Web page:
Kaspersky's Internal Networks Targeted by Malware Duqu 2.0
FREMONT, CA: Kaspersky Lab detected a cyber-intrusion affecting several of its internal systems. The discovery of the malware was a result of an intensive investigation that reported presence of Duqu 2.0 – a highly sophisticated malware platform exploiting up to three zero-day vulnerabilities. Primary goal of the attack was to acquire information on the company’s newest technologies.
Kaspersky Lab alleges that the attackers were especially interested in the details of product innovations including Kaspersky Lab’s Secure Operating System, Kaspersky Fraud Prevention, Kaspersky Security Network and Anti-APT solutions and services as reported by CBR.
The malware affects the system by spreading in the network via MSI (Microsoft Software Installer) files which are commonly used by system administrators to deploy software on remote Windows computers. The malicious program used an advanced method to hide its presence in the system: the code of Duqu 2.0 exists only in computer’s memory and tries to delete all traces on the hard drive.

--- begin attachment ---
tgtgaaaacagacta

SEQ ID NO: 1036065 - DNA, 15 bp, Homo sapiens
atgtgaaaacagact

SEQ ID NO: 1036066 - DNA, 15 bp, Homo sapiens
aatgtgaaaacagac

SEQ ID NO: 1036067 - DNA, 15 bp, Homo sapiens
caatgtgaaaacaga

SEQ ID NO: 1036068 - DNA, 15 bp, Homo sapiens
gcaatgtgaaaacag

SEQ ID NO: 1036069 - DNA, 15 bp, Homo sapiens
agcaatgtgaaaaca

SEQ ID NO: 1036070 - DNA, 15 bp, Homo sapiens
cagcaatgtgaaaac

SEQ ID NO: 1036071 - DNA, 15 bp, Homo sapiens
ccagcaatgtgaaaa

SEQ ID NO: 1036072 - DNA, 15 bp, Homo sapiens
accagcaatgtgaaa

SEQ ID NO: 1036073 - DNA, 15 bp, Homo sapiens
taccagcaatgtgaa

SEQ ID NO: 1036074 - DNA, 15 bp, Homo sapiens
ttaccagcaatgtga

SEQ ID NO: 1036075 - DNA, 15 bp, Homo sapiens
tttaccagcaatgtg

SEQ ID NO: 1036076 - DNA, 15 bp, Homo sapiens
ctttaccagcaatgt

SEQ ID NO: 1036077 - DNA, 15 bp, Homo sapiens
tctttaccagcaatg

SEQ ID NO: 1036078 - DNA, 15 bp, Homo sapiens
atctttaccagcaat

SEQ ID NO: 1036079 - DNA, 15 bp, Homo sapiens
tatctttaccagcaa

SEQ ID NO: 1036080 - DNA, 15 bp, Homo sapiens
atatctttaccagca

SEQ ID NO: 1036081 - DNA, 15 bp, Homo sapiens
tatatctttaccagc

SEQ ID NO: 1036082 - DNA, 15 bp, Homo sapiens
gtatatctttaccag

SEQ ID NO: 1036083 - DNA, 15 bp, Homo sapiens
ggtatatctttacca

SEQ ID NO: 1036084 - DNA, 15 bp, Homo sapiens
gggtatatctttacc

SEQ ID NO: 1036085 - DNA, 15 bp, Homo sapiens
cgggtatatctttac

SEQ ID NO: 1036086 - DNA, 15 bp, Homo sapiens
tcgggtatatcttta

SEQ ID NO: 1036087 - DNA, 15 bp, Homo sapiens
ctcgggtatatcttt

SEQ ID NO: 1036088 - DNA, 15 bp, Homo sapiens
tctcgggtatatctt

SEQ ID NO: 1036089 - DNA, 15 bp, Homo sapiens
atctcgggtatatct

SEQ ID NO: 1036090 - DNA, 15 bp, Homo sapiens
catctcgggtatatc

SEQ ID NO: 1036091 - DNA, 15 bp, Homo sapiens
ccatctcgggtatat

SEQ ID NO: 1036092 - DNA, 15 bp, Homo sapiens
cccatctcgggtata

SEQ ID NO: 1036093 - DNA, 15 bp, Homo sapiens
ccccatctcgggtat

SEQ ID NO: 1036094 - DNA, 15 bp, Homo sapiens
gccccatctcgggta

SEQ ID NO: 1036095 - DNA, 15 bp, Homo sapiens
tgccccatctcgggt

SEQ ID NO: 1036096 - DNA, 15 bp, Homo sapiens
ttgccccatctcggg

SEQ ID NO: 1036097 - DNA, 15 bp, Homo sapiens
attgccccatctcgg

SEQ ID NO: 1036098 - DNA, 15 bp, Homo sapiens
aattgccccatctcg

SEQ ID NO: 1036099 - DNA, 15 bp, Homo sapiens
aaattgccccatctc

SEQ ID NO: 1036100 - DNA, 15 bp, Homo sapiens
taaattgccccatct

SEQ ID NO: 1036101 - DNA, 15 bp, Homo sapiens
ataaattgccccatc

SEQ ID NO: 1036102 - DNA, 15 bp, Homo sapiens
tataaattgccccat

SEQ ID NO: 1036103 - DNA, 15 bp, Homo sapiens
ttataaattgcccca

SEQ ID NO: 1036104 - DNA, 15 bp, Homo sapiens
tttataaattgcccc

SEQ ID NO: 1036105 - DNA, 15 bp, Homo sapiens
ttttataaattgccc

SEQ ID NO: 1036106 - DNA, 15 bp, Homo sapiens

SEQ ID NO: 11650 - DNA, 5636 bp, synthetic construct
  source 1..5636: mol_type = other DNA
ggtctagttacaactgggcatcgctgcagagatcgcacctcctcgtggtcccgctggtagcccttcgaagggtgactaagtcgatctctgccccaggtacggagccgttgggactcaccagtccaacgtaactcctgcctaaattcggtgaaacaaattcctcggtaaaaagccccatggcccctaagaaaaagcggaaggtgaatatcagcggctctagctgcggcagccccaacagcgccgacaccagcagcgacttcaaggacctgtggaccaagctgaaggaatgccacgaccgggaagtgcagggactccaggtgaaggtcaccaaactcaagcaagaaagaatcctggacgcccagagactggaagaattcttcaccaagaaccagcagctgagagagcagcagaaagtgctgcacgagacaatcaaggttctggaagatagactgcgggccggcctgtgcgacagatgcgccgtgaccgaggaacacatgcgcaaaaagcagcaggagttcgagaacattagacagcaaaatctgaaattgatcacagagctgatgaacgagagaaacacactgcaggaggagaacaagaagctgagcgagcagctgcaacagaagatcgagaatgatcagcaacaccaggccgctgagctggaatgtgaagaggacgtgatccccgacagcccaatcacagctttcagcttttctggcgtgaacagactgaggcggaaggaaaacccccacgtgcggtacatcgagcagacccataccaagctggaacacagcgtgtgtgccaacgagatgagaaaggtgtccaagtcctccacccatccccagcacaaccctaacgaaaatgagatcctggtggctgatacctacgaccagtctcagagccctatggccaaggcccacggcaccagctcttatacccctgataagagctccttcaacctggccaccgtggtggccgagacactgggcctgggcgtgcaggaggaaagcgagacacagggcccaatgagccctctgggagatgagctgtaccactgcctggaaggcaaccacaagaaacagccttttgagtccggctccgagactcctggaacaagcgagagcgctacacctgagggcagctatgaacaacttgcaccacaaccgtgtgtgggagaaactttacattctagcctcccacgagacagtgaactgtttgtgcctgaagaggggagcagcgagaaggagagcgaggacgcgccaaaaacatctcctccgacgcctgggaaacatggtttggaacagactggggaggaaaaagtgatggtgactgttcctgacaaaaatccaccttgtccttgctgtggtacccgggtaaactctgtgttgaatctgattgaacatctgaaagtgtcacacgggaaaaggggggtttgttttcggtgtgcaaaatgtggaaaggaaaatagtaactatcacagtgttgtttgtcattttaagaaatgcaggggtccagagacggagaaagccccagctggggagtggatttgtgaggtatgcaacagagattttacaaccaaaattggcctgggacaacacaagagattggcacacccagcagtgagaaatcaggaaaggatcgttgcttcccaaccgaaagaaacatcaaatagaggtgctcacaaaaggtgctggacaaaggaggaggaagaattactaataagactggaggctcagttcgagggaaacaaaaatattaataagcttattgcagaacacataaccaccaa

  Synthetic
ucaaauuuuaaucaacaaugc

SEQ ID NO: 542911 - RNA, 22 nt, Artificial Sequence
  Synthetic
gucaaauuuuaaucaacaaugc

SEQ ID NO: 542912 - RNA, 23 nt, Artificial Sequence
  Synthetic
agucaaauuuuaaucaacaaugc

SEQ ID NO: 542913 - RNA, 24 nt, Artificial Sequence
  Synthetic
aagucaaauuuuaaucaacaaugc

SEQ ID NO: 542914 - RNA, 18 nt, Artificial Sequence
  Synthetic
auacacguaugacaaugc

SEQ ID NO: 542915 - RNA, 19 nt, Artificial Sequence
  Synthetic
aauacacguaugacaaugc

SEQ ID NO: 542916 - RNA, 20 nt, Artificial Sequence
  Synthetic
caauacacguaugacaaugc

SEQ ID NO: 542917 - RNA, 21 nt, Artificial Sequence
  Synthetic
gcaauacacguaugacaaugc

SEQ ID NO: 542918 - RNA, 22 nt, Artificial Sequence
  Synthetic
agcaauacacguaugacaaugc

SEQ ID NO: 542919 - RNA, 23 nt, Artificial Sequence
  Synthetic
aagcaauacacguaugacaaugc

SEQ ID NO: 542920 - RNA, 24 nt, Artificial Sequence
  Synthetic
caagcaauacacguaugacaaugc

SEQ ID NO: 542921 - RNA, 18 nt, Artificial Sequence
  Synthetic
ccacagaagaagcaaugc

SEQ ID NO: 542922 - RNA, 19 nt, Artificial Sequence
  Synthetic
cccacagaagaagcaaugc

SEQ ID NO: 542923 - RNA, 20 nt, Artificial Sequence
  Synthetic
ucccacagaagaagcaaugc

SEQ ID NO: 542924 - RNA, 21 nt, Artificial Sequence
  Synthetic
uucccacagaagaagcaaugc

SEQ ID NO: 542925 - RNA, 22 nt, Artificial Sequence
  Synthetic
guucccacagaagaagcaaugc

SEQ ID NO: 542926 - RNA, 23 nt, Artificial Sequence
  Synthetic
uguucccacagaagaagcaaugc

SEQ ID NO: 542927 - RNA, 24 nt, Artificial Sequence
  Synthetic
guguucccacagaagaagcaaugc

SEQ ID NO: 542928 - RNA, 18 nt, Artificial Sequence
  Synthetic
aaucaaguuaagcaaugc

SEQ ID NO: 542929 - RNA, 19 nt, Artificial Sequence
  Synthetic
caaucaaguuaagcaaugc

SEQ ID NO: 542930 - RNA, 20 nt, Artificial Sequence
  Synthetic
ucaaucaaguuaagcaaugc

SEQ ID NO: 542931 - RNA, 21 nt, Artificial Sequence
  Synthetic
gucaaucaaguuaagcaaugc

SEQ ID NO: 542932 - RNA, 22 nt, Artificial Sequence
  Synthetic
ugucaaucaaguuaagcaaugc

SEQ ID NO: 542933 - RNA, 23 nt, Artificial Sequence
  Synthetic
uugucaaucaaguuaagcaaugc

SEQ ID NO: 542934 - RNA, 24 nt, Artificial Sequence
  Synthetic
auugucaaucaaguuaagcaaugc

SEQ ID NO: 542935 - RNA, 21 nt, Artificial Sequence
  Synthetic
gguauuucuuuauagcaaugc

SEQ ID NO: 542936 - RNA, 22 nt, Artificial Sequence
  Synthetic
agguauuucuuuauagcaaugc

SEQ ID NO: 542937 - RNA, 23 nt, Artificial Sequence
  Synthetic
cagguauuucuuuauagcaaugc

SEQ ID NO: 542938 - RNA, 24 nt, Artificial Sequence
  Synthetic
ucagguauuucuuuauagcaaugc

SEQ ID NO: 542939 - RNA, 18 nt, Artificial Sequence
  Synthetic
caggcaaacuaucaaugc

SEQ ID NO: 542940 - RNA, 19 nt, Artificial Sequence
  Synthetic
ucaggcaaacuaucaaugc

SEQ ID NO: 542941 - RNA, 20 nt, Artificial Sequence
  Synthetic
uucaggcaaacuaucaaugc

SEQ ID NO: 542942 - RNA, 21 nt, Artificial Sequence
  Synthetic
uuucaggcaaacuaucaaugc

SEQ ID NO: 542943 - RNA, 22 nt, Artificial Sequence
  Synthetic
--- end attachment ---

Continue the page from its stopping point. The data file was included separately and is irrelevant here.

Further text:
“They were not interested in our customer. The attackers were doing reconnaissance and research, hoping to find out more about Kaspersky’s security technology or how it found or analyzed malware. They were not only stupid, but greedy,” said Eugene Kaspersky, Chairman and CEO of Kaspersky Lab in press conference as reported by Gregg Keizer of Computer World.
The Lab is confident that its clients and partners are safe and that there is no impact on company’s products, technologies and services.
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